Coolness coolType2 = Coolness.NotSoCool;

    Console.WriteLine(coolType1.ToDescription());

    Console.WriteLine(coolType2.ToDescription());

    }

    }

    }

     

  • I know the answer (it's 42)

    C# : Where do you define an enum

    • 14 Comments

    Frequently while designing classes that have methods which accept enums as parameters, a common question arrises on where to define the enum. Whether to define it inside the class or in the same level as the class.

    Lets consider a class Folder which has a method List. It accepts a enum Filter and based on it prints the name of all files or directories in the Folder. We can define the enum at the same level as the Folder as below

    enum Filter

    {

    File,

    Dir

    }

    class Folder

    {

    public Folder(string path) { /* ... */ }

    public void List(Filter filter) { /* ... */ }

    }

    Folder folder = new Folder("c:\");

    folder.List(Filter.File);

    Or define it inside the Folder class as in

    class Folder

    {

    public enum Filter

    {

    File,

    Dir

    }

    public Folder(string path) { /* ... */ }

    public void List(Filter filter) { /* ... */ }

    }

     

    Folder folder = new Folder(@"c:\");

    folder.List(Folder.Filter.File);

    I think that the first approach is much simpler because otherwise you have to continually type in the complete scope of the enum as Folder.Filter . This soon becomes painfull. I first had a little difficulty understanding why do people still do this. Then I figured out that there are a lot of C++ programmers who have migrated to C# and in un-managed C++ the second approach is the way to go. Lets see why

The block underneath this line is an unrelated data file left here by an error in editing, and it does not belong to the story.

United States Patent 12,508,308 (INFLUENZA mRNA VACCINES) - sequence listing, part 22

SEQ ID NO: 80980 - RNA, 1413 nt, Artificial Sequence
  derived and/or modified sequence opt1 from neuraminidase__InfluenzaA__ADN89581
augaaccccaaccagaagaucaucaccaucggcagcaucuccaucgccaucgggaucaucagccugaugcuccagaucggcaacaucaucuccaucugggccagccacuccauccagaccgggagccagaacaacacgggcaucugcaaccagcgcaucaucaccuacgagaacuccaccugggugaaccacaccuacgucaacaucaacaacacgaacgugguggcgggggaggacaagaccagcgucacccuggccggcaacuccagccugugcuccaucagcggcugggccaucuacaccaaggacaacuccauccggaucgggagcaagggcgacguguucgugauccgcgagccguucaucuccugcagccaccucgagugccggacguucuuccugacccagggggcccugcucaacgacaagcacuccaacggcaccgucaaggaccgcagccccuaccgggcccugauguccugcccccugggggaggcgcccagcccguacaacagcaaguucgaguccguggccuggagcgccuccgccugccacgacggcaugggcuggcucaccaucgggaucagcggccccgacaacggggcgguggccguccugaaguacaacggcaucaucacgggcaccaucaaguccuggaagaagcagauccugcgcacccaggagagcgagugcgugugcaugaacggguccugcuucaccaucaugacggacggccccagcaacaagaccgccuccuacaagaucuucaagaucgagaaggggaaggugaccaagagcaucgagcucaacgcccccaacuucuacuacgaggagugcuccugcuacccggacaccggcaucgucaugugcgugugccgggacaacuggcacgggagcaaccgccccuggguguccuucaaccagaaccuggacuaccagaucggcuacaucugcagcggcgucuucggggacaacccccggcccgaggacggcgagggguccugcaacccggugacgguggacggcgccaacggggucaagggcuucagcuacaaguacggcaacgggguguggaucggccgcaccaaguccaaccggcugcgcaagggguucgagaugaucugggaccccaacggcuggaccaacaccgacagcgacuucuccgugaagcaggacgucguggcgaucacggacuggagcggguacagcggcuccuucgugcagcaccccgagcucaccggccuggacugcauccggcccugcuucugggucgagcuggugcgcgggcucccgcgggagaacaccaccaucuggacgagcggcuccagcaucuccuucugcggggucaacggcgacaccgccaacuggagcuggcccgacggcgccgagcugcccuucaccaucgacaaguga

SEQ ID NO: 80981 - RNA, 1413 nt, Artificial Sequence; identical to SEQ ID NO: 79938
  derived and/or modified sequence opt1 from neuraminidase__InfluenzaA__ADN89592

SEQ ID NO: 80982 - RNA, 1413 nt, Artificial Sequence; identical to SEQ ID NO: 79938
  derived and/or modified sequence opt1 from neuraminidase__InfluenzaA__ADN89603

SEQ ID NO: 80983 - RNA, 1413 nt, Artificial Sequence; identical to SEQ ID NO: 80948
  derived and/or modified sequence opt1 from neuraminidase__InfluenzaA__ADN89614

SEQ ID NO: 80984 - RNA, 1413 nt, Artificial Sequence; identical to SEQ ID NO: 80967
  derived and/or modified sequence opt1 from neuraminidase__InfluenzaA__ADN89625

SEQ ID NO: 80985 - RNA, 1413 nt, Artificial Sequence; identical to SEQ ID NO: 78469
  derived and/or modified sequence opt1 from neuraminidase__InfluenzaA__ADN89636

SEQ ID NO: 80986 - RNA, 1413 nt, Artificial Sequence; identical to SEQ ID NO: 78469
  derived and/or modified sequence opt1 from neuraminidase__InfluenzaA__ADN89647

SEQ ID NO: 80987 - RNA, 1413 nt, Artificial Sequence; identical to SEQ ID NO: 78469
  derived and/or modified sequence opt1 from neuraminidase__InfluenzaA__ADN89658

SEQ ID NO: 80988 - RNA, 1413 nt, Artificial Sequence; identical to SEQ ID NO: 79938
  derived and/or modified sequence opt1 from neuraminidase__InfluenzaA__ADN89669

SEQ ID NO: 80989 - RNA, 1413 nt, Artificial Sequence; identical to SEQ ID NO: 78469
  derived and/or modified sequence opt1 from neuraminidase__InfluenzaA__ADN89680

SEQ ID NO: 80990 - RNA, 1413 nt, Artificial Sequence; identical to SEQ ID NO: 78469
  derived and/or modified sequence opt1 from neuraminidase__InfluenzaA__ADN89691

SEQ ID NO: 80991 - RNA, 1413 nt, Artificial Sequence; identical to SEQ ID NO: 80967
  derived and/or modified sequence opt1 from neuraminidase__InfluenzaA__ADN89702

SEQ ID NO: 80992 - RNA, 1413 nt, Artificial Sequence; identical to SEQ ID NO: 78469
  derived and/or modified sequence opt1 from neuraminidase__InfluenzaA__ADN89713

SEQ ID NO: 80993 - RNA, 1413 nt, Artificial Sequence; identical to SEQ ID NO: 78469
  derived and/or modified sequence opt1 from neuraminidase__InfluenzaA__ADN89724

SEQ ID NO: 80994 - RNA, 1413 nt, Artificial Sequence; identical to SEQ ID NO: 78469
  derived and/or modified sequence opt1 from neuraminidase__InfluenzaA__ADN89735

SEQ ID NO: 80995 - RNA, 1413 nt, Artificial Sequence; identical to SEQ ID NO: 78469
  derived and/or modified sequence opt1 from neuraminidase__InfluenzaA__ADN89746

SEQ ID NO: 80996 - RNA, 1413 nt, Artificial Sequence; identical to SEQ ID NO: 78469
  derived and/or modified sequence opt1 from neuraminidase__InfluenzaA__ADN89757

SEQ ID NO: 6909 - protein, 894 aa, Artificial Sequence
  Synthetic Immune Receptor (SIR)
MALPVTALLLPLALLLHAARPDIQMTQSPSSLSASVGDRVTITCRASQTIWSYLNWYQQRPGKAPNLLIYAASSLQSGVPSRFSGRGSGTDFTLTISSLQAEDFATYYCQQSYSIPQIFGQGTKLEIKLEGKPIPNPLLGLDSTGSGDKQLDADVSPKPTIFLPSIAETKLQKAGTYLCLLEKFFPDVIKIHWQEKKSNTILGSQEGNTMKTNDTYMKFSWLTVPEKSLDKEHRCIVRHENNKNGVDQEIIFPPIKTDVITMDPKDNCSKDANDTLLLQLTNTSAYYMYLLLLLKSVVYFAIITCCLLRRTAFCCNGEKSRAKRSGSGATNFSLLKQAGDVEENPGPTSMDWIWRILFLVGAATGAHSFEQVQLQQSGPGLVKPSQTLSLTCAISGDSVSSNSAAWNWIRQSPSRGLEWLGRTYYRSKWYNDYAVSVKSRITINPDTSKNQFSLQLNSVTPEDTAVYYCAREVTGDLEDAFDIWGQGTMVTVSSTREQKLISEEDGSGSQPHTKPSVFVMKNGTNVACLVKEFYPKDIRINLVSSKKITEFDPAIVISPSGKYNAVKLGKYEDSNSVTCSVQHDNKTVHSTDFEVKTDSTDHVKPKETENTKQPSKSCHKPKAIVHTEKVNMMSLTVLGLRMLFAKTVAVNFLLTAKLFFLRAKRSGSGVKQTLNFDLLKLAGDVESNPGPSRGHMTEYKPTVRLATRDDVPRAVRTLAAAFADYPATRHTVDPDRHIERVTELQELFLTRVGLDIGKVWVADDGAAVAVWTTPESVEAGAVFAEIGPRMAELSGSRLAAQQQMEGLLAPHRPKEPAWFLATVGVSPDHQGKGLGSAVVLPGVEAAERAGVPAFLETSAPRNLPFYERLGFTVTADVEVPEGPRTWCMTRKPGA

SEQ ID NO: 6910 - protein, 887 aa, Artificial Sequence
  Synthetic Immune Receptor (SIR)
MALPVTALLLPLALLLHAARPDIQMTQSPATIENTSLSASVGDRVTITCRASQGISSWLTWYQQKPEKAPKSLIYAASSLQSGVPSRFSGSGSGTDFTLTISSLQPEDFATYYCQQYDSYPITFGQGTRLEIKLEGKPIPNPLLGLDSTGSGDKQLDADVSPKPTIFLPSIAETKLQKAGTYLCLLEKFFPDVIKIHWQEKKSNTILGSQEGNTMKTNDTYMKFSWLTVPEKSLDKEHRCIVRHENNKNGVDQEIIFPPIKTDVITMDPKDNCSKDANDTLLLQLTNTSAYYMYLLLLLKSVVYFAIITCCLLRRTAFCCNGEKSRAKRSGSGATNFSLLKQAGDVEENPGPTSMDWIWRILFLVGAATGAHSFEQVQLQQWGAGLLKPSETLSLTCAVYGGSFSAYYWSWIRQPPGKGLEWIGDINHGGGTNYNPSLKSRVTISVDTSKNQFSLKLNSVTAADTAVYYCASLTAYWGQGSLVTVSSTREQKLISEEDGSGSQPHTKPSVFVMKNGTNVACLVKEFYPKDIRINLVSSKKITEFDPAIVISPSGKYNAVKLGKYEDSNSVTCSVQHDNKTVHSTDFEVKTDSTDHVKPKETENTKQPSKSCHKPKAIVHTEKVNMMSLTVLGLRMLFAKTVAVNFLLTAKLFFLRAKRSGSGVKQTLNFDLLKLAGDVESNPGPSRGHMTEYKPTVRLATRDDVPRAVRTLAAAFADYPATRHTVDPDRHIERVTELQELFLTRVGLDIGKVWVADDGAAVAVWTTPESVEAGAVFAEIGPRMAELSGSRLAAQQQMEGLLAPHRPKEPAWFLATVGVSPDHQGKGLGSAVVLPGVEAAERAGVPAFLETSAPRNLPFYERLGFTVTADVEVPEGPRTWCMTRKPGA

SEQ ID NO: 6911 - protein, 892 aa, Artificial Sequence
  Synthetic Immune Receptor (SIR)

The issue with C++

    If we use the same code in C++ as in the first approach then we get the following

    /* 1 */ namespace MyNameSpace

    /* 2 */ {

    /* 3 */ enum Filter

    /* 4 */ {

    /* 5 */ File,

    /* 6 */ Dir

    /* 7 */ };

    /* 8 */

    /* 9 */ //char File[] = "c:\\foo\\bar";

    /* 10 */ class Folder

    /* 11 */ {

    /* 12 */ public:

    /* 13 */ Folder(char* path) { /* ... */ }

    /* 14 */ void List(Filter filter) { /* ... */ }

    /* 15 */ };

    /* 17 */ }

    According to C++ spec the enum constant File and Dir is raised to the same scope as that of Filter. So effectively nowhere in the whole namespace of MyNameSpace can variables of name File or Dir can be defined. So if you uncomment the 9th line then compilation will fail indicating redeclaration of variable File.